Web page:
The various acts of possession the Government sought to establish allegedly occurred between November 20, 1980 and January 29, 1981. Ferris argues that there is no indication that the jurors agreed upon the same act as the basis for finding him culpable. He asserts that different jurors may have predicated their guilty votes on different acts of possession, occurring at different times.
In our view the case is a routine one in which the jury is called upon to make relatively simple inferences respecting criminal activity, and we do not think the two month period involved makes the case particularly difficult or complex. Thus, appellant's argument translates to the contention that an instruction on unanimity tailored to the particular charges in a case must be given at every trial. That is not the law in this circuit, and we reject the claim of error.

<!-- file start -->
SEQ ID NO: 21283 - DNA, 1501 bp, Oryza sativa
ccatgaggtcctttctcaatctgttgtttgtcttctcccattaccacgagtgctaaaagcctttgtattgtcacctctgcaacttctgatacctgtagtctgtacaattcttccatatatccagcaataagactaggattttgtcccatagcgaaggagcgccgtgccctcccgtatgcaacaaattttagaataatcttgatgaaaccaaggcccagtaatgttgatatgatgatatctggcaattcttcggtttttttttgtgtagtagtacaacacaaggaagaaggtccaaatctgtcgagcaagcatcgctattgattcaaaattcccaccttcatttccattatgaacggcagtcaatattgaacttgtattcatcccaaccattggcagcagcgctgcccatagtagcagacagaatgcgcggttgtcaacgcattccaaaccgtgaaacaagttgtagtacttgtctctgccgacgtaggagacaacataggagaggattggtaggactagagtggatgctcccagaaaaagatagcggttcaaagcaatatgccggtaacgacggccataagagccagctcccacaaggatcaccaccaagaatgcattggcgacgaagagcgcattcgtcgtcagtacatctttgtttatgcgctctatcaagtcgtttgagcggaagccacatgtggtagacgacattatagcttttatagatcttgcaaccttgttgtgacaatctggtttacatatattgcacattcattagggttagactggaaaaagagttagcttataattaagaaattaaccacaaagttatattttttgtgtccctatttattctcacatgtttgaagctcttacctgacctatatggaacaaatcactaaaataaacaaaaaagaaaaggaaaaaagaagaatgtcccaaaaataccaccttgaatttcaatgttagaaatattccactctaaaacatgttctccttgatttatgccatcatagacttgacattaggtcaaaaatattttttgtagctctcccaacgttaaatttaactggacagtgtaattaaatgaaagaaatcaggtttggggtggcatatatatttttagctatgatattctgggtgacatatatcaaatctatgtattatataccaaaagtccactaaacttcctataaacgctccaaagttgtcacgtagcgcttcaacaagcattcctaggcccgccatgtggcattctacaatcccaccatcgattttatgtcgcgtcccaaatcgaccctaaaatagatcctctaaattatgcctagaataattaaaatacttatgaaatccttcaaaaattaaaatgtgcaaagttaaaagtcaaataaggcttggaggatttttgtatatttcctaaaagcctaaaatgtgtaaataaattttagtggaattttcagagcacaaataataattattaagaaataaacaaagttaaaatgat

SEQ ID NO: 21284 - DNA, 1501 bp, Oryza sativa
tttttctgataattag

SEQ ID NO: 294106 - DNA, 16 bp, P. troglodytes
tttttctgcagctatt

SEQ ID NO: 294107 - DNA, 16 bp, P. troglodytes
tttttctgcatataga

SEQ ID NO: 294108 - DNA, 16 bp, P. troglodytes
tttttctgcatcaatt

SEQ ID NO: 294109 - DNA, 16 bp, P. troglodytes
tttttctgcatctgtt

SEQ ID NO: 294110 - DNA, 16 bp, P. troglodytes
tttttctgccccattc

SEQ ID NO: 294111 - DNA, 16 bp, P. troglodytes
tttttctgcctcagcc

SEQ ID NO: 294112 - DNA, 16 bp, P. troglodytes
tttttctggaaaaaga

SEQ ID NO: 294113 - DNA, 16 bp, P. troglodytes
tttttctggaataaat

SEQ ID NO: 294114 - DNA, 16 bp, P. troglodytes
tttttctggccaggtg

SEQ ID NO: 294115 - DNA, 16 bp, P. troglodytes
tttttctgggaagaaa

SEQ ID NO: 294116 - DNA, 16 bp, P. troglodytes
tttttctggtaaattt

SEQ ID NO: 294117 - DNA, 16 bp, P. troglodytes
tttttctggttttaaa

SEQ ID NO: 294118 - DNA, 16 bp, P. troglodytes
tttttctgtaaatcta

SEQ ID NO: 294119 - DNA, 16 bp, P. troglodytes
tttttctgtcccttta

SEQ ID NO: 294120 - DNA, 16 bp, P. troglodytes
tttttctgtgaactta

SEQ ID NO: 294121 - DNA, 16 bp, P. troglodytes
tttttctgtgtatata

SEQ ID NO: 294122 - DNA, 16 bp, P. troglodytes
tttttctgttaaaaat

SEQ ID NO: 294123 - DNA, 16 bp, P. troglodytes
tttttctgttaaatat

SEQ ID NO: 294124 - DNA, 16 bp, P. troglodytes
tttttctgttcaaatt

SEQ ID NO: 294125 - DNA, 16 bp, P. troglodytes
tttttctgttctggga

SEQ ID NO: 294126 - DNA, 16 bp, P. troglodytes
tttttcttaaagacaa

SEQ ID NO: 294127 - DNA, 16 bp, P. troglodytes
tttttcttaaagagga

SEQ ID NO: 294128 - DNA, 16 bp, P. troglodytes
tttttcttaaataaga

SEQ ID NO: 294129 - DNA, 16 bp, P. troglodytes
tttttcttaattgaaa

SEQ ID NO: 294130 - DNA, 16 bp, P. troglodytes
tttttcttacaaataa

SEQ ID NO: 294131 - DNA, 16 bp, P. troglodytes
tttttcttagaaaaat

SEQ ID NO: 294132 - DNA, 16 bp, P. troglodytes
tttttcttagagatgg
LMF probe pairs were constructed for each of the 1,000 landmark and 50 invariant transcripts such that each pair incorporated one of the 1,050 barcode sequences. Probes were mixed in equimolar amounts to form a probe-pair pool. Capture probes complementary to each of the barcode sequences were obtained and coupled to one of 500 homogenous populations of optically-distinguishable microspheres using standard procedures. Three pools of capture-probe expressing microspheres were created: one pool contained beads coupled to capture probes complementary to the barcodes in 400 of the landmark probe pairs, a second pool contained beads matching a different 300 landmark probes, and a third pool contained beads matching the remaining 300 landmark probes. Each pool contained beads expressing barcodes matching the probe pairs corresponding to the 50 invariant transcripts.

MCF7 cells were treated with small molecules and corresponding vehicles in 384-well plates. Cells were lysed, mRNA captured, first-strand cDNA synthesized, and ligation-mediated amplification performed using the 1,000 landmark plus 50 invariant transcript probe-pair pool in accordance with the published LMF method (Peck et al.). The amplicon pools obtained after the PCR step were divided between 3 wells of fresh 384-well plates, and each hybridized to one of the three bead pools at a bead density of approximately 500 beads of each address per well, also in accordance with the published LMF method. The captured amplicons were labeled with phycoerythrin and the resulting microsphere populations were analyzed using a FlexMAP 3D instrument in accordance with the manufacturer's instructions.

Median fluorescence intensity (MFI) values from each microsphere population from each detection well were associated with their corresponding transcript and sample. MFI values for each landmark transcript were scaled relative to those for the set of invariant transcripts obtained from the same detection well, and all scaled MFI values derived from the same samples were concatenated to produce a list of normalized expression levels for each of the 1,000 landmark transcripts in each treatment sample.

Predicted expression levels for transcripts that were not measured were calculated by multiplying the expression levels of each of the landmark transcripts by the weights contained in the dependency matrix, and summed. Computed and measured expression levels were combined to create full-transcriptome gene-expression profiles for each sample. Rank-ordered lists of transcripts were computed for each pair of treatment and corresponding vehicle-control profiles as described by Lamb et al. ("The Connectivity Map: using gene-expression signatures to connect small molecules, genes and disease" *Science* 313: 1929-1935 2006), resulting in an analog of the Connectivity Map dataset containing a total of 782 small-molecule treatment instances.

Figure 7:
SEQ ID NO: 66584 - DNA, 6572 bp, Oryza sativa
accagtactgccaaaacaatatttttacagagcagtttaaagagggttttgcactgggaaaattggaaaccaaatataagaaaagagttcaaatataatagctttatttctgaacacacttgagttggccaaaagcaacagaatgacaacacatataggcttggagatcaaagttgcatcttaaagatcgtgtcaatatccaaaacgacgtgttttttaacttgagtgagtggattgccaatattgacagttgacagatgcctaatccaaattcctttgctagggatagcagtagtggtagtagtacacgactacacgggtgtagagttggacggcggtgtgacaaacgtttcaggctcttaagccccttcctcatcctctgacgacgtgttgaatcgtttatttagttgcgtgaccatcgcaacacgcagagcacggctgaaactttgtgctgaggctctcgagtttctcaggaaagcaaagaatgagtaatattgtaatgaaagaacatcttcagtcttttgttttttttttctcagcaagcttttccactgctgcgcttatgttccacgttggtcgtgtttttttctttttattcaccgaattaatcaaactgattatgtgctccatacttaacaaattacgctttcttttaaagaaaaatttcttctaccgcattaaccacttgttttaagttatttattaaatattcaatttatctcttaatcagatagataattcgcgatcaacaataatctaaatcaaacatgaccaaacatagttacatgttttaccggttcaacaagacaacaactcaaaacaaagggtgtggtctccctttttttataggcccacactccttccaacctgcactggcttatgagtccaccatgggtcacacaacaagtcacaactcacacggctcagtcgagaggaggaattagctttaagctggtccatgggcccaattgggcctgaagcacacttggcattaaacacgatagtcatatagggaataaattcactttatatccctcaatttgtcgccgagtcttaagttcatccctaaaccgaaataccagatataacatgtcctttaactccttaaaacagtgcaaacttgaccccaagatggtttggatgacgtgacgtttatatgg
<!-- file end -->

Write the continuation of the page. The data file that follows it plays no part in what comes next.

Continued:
The question whether a jury is unanimous in its agreement to convict on a given count may arise in varying contexts, including cases in which the count contains such different or lengthy factual allegations that multiple combinations of fact are sufficient to convict, and cases where the statutory definition itself contains multiple bases for criminal liability, e.g., either concealing stolen property or selling it. See United States v. Gipson, 553 F.2d 453, 458 (5th Cir. 1977). The trial court stated simply that the jury's verdict must be unanimous. Unanimity, of course, means more than a conclusory agreement that the defendant has violated the statute in question; there is a requirement of substantial agreement as to the principal factual elements underlying a specified offense. 553 F.2d at 457-58. We would consider it appropriate for the trial court to instruct the jury to this effect. In the routine case, however, failure to adopt this formulation is not error.